Tim Barrett

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Timothy Wayne Barrett

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Biographical Information[edit]

Tim Barrett was never considered much of a prospect and had to work very hard to earn his cup of coffee in the major leagues. He attended Indiana State University but went undrafted after completing college and had to wait until the fall of 1983 to sign his first professional contract with the Montreal Expos as an undrafted free agent. He was only considered to be minor league roster filler at that point, but he turned heads in his first season in professional baseball in 1984, compiling a 7-2 mark with a 1.94 ERA and 96 strikeouts in 88.1 innings with Gastonia of the low Class A South Atlantic League. He received two promotions that summer, first to high Class A West Palm Beach of the Florida State League, and then to the Jacksonville Expos of the AA Southern League for two starts, one of which was a complete game shutout. All in all, his combined record at the three stops was an impressive 13-7, 2.11, with 172 strikeouts in 179 innings. That wasn't enough to make him a front-line prospect, but at least he was now on the organizational map.

Barrett continued his quick rise through the Expos' organization in 1984, after being converted to a relief pitcher in mid-year. He earned a promotion to the AAA Indianapolis Indians for the last week of the season with a combined mark of 13-8 with 4 saves and 111 strikeouts. So far so good, but the problem with marginal prospects is that no one is prepared to cut them any slack if they hit a slump, which is what happened to Tim Barrett in early 1986. He started the year 0-1 with an ERA of 4.00 in 21 outings for Indianapolis, and was sent down to Jacksonville, where he failed to right himself. However, he found his way back to Indianapolis in 1987, and managed to shine in the thankless role of long reliever, with a 10-1 record and a 3.57 ERA in 46 games. At that point, his name had still not been added to the Expos' 40-man roster, and if he got to pitch in two of the Expos' Grapefruit League games in 1988, it was only as an invitee from the minor league training complex. Still, when reliever Jeff Parrett was sidelined by an injury to his index finger in mid-July, he finally got the call to the big leagues. He was in the middle of another outstanding season for Indianapolis, where he would finish with an 8-1 record, 6 saves and a 1.99 ERA in 46 games. In Montreal however, he was the last man in the bullpen and was used very sparingly, only getting into four games for the entire month when Parrett was out of action. He did manage to earn a save on August 7 (boxscore) by pitching the last three innings of an 11-5 Bryn Smith victory in St. Louis; this was the sole highlight of his major league career. His ERA was 5.79 for his 9.1 innings of work, so he did not overly impress management during his stay.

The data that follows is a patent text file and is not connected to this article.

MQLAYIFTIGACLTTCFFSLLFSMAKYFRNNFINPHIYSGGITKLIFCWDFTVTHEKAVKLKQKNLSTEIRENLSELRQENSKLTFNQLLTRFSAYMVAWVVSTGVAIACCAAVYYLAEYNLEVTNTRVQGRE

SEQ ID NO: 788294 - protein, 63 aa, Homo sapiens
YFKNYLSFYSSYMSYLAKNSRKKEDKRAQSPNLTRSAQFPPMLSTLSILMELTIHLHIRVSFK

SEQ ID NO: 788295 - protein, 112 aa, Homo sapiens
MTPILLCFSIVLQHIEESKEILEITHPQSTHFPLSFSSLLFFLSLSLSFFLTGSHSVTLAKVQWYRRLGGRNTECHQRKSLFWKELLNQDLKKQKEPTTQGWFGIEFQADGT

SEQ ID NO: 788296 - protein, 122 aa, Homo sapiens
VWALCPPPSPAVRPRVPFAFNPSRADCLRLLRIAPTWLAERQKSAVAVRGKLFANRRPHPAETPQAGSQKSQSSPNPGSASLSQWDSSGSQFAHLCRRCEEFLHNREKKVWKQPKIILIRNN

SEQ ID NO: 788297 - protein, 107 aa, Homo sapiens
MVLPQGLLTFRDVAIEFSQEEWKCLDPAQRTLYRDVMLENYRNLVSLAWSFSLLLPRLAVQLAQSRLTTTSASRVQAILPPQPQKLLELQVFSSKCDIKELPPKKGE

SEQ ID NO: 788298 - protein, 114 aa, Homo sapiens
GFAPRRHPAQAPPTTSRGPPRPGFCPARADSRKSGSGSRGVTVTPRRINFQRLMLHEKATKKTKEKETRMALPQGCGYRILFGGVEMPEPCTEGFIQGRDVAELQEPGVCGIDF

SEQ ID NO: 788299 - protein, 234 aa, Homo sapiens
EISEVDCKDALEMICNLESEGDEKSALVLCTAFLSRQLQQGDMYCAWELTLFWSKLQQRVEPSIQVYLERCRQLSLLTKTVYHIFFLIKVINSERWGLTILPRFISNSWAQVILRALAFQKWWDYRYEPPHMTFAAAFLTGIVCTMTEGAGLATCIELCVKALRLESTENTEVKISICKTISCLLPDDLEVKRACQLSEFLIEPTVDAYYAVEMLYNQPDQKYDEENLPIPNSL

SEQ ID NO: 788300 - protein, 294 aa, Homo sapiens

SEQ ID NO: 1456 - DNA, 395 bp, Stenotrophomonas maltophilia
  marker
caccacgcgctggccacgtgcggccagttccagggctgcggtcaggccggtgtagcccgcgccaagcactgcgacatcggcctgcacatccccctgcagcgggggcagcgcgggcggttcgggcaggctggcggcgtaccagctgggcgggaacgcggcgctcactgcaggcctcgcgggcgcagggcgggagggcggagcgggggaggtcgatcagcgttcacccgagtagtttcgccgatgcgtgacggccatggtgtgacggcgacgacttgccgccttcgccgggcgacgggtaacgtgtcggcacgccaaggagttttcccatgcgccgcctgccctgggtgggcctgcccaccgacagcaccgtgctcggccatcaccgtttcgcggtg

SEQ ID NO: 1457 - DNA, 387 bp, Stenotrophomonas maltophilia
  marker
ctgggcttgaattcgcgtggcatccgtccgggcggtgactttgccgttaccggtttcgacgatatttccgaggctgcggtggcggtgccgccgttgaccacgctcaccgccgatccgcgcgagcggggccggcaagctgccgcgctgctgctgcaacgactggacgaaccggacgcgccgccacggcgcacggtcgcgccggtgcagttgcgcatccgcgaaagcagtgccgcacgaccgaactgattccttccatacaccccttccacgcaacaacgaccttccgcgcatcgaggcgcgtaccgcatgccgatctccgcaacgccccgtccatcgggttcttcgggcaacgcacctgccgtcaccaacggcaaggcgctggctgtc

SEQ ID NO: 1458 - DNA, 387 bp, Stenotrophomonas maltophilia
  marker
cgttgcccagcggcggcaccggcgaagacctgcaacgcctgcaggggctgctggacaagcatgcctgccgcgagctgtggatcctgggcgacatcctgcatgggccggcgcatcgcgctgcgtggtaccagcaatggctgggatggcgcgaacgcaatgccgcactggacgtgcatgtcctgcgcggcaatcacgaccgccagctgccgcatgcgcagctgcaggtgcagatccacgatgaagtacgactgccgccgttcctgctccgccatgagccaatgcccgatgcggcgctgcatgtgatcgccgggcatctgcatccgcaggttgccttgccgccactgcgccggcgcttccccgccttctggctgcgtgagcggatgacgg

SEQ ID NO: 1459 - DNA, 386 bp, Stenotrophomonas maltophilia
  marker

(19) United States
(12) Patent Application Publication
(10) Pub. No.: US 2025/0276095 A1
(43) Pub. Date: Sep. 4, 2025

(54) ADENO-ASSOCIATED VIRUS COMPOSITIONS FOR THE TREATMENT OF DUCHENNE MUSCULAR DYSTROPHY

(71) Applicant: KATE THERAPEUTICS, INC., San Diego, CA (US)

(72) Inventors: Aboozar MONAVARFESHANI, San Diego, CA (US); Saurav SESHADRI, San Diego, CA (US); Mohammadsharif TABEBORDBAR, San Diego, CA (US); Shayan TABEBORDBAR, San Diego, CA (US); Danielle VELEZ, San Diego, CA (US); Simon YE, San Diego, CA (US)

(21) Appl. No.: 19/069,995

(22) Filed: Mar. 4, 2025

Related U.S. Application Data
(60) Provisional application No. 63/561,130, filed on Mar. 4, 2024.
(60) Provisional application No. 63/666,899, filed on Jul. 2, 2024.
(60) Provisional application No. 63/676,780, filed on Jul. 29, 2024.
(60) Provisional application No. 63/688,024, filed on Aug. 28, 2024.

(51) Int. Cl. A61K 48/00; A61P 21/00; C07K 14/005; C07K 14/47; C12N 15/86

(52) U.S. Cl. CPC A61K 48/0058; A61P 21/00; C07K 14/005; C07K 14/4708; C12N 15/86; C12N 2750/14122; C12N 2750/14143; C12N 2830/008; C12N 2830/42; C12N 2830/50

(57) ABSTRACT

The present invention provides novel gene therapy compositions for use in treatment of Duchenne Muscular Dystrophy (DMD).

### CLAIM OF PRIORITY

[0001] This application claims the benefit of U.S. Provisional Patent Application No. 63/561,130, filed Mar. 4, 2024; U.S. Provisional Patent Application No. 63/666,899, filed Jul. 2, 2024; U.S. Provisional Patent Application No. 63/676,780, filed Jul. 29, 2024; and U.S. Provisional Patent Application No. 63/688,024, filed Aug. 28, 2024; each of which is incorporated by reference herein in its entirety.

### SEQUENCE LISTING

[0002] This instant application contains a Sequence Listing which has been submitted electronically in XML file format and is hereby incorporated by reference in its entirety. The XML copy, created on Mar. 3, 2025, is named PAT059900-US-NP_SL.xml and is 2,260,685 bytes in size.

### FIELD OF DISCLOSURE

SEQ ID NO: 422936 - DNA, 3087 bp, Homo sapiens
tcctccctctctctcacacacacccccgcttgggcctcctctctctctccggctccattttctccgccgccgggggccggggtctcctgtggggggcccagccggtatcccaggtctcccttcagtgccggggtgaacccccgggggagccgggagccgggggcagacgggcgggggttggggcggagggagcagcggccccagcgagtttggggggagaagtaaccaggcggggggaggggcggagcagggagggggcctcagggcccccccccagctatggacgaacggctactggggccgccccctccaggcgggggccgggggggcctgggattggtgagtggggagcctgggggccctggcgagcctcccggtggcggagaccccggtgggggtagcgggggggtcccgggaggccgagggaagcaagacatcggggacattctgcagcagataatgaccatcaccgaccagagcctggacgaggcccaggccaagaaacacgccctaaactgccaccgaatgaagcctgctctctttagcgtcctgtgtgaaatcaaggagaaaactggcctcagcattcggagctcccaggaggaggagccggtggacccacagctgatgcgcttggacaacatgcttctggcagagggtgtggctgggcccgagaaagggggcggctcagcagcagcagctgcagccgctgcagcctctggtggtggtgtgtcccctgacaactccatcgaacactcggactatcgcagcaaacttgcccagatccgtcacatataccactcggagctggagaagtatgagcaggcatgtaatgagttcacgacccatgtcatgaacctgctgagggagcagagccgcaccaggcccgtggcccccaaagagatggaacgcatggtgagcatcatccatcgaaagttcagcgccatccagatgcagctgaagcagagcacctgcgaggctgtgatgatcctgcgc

Tim Barrett was cut from the Expos' major league roster at the end of the 1988 season and went back one more time to Indianapolis at the beginning of 1989. He had probably figured out that there was no room for him in Montreal's plans by then, and after he pitched poorly over the first month of the season, posting an ERA of 9.56 in 16 innings, he was practically given away to the Los Angeles Dodgers, with the Expos only receiving a back-up outfielder playing in AA, Miguel Santana, in return for him. Barrett never managed to find his way back to the major leagues after that.

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